A multidisciplinary team at LFHC recently saved the life of a 2-year-old boy who was suffering from an “acute abdomen,” a medical emergency often associated with ruptured intestines or a perforated appendix.
The boy, Khamphan Nun, was feverish and dehydrated by diarrhea. After much questioning by staff, his family revealed that their son had been bitten by a dog in the scrotum and that he had an unrepaired inguinal hernia.
Khamphan was rushed into the Operating Theater, where a surgical team repaired a part of his intestine that had herniated into his scrotum and was then bit by the dog. The surgeon had to perform an ostomy.
The medical and nursing team then began the task of teaching Khamphan’s family about ostomy care. Child Life Therapist Kongmeng Sialee has been instrumental in helping the boy and his family cope with this major change in his life.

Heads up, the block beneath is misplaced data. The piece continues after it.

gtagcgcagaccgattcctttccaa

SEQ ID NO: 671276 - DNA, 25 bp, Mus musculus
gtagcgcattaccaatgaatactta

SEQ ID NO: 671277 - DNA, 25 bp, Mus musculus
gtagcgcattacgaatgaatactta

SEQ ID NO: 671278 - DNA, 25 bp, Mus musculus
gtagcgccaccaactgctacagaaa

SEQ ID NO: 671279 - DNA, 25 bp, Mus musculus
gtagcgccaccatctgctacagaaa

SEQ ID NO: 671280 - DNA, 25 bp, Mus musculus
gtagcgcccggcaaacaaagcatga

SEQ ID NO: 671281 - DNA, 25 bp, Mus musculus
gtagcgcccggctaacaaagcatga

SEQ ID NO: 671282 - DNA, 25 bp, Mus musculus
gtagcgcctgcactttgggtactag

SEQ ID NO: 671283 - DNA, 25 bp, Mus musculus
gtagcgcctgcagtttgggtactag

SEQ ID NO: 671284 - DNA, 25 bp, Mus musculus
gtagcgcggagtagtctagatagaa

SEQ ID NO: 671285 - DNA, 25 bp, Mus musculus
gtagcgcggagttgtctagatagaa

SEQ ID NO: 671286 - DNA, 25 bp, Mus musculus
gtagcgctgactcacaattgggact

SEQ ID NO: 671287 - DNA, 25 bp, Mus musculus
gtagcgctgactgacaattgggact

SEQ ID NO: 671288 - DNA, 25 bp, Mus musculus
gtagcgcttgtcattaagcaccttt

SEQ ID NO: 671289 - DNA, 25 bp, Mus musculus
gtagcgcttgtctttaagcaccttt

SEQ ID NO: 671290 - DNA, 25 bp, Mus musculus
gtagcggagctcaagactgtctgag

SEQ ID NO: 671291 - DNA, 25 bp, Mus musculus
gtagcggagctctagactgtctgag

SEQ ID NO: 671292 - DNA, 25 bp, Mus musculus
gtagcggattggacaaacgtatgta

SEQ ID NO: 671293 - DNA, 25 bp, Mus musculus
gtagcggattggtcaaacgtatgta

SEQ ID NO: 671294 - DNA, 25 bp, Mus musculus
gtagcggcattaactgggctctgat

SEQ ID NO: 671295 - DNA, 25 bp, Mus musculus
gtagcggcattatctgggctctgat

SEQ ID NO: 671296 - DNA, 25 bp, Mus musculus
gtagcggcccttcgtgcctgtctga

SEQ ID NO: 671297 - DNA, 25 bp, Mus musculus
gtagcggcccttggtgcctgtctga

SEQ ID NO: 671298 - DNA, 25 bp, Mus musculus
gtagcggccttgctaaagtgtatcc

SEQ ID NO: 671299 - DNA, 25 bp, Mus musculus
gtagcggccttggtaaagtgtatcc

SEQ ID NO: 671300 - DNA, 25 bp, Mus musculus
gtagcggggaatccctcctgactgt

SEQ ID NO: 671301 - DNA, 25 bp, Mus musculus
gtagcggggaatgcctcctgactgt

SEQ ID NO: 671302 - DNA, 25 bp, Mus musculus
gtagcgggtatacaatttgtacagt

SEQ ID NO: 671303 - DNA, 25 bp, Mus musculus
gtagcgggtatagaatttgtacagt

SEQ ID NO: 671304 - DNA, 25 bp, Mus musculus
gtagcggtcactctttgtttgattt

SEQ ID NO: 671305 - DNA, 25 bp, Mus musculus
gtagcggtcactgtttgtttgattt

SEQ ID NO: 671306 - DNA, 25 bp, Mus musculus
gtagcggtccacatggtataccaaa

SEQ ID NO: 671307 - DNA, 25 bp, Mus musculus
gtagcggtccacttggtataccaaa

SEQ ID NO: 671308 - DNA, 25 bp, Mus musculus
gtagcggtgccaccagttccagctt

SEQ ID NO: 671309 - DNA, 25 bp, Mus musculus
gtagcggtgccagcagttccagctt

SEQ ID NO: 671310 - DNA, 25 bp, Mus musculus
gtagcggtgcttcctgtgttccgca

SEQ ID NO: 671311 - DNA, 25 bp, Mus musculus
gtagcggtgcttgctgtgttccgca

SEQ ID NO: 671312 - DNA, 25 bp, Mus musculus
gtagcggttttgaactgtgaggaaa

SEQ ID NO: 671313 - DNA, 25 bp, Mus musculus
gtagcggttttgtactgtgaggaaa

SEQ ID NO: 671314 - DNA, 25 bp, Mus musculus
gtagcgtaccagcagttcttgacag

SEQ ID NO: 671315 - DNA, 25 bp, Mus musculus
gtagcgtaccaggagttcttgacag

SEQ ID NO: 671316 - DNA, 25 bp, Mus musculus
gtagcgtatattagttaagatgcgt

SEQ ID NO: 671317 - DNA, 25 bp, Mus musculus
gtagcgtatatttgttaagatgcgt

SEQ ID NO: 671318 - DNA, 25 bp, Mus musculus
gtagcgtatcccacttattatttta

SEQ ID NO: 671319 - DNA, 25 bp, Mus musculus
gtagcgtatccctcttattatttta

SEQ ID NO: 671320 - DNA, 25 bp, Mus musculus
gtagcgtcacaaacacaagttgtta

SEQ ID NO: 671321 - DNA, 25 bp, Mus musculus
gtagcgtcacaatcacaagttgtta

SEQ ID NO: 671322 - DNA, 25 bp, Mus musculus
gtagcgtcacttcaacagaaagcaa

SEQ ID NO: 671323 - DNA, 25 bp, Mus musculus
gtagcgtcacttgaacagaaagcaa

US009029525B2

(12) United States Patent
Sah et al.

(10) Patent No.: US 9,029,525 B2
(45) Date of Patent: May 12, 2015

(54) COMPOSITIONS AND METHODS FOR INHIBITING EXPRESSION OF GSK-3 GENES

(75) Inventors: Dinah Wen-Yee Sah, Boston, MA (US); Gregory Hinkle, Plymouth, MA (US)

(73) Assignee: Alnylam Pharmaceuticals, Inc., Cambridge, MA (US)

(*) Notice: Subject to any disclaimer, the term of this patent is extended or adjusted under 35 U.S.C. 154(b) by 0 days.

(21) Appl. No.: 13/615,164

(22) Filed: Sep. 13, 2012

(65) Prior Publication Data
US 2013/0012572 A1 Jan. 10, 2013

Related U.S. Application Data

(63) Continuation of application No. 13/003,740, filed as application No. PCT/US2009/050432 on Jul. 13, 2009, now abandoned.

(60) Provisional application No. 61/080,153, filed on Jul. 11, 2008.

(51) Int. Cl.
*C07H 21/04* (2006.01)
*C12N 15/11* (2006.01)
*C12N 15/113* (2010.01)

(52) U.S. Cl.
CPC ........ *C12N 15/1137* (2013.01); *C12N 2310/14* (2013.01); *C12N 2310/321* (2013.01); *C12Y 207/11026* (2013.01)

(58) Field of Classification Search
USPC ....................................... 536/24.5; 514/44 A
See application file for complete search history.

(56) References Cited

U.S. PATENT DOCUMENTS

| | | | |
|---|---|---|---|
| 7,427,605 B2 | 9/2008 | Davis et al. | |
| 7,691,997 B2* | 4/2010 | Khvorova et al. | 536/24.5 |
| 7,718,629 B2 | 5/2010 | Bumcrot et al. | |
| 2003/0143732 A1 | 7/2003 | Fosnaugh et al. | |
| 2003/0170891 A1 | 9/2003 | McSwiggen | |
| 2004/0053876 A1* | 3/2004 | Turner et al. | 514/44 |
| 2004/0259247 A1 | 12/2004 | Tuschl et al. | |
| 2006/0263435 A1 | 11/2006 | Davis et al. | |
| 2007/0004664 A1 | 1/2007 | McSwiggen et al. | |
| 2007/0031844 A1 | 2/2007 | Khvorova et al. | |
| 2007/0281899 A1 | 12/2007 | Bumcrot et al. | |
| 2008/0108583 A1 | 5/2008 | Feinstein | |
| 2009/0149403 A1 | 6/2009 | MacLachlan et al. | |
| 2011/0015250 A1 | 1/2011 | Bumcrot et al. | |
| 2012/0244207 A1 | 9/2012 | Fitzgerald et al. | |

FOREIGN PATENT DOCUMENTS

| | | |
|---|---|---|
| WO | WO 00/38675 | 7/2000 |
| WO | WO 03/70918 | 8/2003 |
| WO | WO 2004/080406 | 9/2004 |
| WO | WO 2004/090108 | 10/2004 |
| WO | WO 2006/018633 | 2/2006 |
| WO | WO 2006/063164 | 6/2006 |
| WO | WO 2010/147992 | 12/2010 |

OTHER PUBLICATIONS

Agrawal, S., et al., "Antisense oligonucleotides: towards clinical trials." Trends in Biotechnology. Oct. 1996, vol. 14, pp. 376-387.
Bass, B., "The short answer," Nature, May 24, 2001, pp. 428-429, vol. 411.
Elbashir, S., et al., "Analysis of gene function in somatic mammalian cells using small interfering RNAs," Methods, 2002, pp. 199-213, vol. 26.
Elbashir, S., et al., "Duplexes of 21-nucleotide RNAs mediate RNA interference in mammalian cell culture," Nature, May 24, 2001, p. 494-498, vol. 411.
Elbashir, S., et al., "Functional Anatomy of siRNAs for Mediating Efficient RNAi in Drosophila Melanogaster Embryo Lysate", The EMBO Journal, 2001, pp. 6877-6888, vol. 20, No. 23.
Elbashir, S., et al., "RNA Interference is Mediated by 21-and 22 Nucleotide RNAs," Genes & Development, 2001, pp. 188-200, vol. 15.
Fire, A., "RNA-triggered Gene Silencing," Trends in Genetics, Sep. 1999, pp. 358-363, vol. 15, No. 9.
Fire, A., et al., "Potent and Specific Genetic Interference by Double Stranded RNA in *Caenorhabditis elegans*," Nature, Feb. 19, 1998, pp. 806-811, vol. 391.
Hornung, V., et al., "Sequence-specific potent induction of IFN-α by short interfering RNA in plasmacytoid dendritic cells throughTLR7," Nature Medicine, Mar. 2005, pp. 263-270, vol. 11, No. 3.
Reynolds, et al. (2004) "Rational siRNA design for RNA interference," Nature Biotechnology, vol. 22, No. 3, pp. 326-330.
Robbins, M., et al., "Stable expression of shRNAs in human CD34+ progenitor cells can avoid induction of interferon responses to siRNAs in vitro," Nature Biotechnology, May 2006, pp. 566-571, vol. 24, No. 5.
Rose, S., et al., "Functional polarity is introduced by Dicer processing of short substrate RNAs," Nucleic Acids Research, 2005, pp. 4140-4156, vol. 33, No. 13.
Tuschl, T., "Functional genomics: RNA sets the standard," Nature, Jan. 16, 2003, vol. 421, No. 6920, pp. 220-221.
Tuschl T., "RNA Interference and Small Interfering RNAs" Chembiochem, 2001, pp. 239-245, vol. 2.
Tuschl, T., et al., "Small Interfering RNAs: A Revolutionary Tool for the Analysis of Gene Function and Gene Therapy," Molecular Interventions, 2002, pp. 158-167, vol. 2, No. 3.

The nonprofit organization Friends of Ostomates Worldwide has donated large amounts of ostomy supplies for Khamphan.
A serious complication impairing Khamphan’s health was his severe weight loss and dehydration caused by a bowel perforation. What made this even worse was that he suffered diarrhea whenever attempts were made to renourish him, as he had lost most of his capacity to absorb complex carbohydrates, fats, and proteins. With special attention from the LFHC nutrition team, which included a complex plan using special formulas with pre-digested nutrients, Khamphan made a slow transition back to a regular diet.
After a little more than a month in LFHC, Khamphan was able to go home with his family. He returns every month to allow doctors to evaluate his ostomy and nutrition progress.